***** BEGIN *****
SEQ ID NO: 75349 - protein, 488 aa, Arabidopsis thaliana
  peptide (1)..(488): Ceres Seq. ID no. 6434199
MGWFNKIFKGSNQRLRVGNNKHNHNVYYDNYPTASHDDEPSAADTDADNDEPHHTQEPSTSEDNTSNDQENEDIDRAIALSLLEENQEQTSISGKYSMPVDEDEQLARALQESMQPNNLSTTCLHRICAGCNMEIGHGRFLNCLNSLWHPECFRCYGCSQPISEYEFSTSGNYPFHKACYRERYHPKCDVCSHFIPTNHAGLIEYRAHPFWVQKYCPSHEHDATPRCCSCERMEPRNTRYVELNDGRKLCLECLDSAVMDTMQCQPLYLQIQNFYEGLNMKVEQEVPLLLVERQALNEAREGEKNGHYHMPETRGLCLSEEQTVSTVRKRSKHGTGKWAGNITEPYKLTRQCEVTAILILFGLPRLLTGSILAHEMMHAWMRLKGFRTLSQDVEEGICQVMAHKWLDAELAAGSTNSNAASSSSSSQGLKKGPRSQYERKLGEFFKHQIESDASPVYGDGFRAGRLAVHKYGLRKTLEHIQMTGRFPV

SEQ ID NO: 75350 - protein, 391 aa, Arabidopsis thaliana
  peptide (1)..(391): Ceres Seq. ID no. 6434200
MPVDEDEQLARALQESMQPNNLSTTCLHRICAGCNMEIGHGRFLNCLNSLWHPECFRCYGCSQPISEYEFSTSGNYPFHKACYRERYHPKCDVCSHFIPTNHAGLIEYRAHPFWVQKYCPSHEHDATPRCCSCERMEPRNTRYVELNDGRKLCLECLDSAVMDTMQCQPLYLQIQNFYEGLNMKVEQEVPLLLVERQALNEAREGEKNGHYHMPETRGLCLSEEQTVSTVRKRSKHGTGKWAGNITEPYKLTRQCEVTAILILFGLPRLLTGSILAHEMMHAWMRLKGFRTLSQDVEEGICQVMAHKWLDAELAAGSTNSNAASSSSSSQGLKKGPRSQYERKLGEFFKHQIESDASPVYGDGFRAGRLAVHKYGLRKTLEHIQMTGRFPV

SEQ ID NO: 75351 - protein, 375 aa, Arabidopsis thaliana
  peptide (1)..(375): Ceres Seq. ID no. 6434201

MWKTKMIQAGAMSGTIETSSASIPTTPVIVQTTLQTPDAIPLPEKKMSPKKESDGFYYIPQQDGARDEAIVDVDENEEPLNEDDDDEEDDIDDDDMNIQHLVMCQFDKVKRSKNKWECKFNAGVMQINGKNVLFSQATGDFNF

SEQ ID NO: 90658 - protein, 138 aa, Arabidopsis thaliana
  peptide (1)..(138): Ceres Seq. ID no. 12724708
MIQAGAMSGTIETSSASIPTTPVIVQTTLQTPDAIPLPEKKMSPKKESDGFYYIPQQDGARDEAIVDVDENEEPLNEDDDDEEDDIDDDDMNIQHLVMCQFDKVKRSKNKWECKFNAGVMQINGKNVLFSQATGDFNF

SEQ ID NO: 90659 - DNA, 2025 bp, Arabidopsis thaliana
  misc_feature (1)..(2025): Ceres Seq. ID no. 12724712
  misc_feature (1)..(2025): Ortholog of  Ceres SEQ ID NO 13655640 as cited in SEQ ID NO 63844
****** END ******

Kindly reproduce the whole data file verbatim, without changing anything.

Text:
SEQ ID NO: 75349 - protein, 488 aa, Arabidopsis thaliana
  peptide (1)..(488): Ceres Seq. ID no. 6434199
MGWFNKIFKGSNQRLRVGNNKHNHNVYYDNYPTASHDDEPSAADTDADNDEPHHTQEPSTSEDNTSNDQENEDIDRAIALSLLEENQEQTSISGKYSMPVDEDEQLARALQESMQPNNLSTTCLHRICAGCNMEIGHGRFLNCLNSLWHPECFRCYGCSQPISEYEFSTSGNYPFHKACYRERYHPKCDVCSHFIPTNHAGLIEYRAHPFWVQKYCPSHEHDATPRCCSCERMEPRNTRYVELNDGRKLCLECLDSAVMDTMQCQPLYLQIQNFYEGLNMKVEQEVPLLLVERQALNEAREGEKNGHYHMPETRGLCLSEEQTVSTVRKRSKHGTGKWAGNITEPYKLTRQCEVTAILILFGLPRLLTGSILAHEMMHAWMRLKGFRTLSQDVEEGICQVMAHKWLDAELAAGSTNSNAASSSSSSQGLKKGPRSQYERKLGEFFKHQIESDASPVYGDGFRAGRLAVHKYGLRKTLEHIQMTGRFPV

SEQ ID NO: 75350 - protein, 391 aa, Arabidopsis thaliana
  peptide (1)..(391): Ceres Seq. ID no. 6434200
MPVDEDEQLARALQESMQPNNLSTTCLHRICAGCNMEIGHGRFLNCLNSLWHPECFRCYGCSQPISEYEFSTSGNYPFHKACYRERYHPKCDVCSHFIPTNHAGLIEYRAHPFWVQKYCPSHEHDATPRCCSCERMEPRNTRYVELNDGRKLCLECLDSAVMDTMQCQPLYLQIQNFYEGLNMKVEQEVPLLLVERQALNEAREGEKNGHYHMPETRGLCLSEEQTVSTVRKRSKHGTGKWAGNITEPYKLTRQCEVTAILILFGLPRLLTGSILAHEMMHAWMRLKGFRTLSQDVEEGICQVMAHKWLDAELAAGSTNSNAASSSSSSQGLKKGPRSQYERKLGEFFKHQIESDASPVYGDGFRAGRLAVHKYGLRKTLEHIQMTGRFPV

SEQ ID NO: 75351 - protein, 375 aa, Arabidopsis thaliana
  peptide (1)..(375): Ceres Seq. ID no. 6434201

MWKTKMIQAGAMSGTIETSSASIPTTPVIVQTTLQTPDAIPLPEKKMSPKKESDGFYYIPQQDGARDEAIVDVDENEEPLNEDDDDEEDDIDDDDMNIQHLVMCQFDKVKRSKNKWECKFNAGVMQINGKNVLFSQATGDFNF

SEQ ID NO: 90658 - protein, 138 aa, Arabidopsis thaliana
  peptide (1)..(138): Ceres Seq. ID no. 12724708
MIQAGAMSGTIETSSASIPTTPVIVQTTLQTPDAIPLPEKKMSPKKESDGFYYIPQQDGARDEAIVDVDENEEPLNEDDDDEEDDIDDDDMNIQHLVMCQFDKVKRSKNKWECKFNAGVMQINGKNVLFSQATGDFNF

SEQ ID NO: 90659 - DNA, 2025 bp, Arabidopsis thaliana
  misc_feature (1)..(2025): Ceres Seq. ID no. 12724712
  misc_feature (1)..(2025): Ortholog of  Ceres SEQ ID NO 13655640 as cited in SEQ ID NO 63844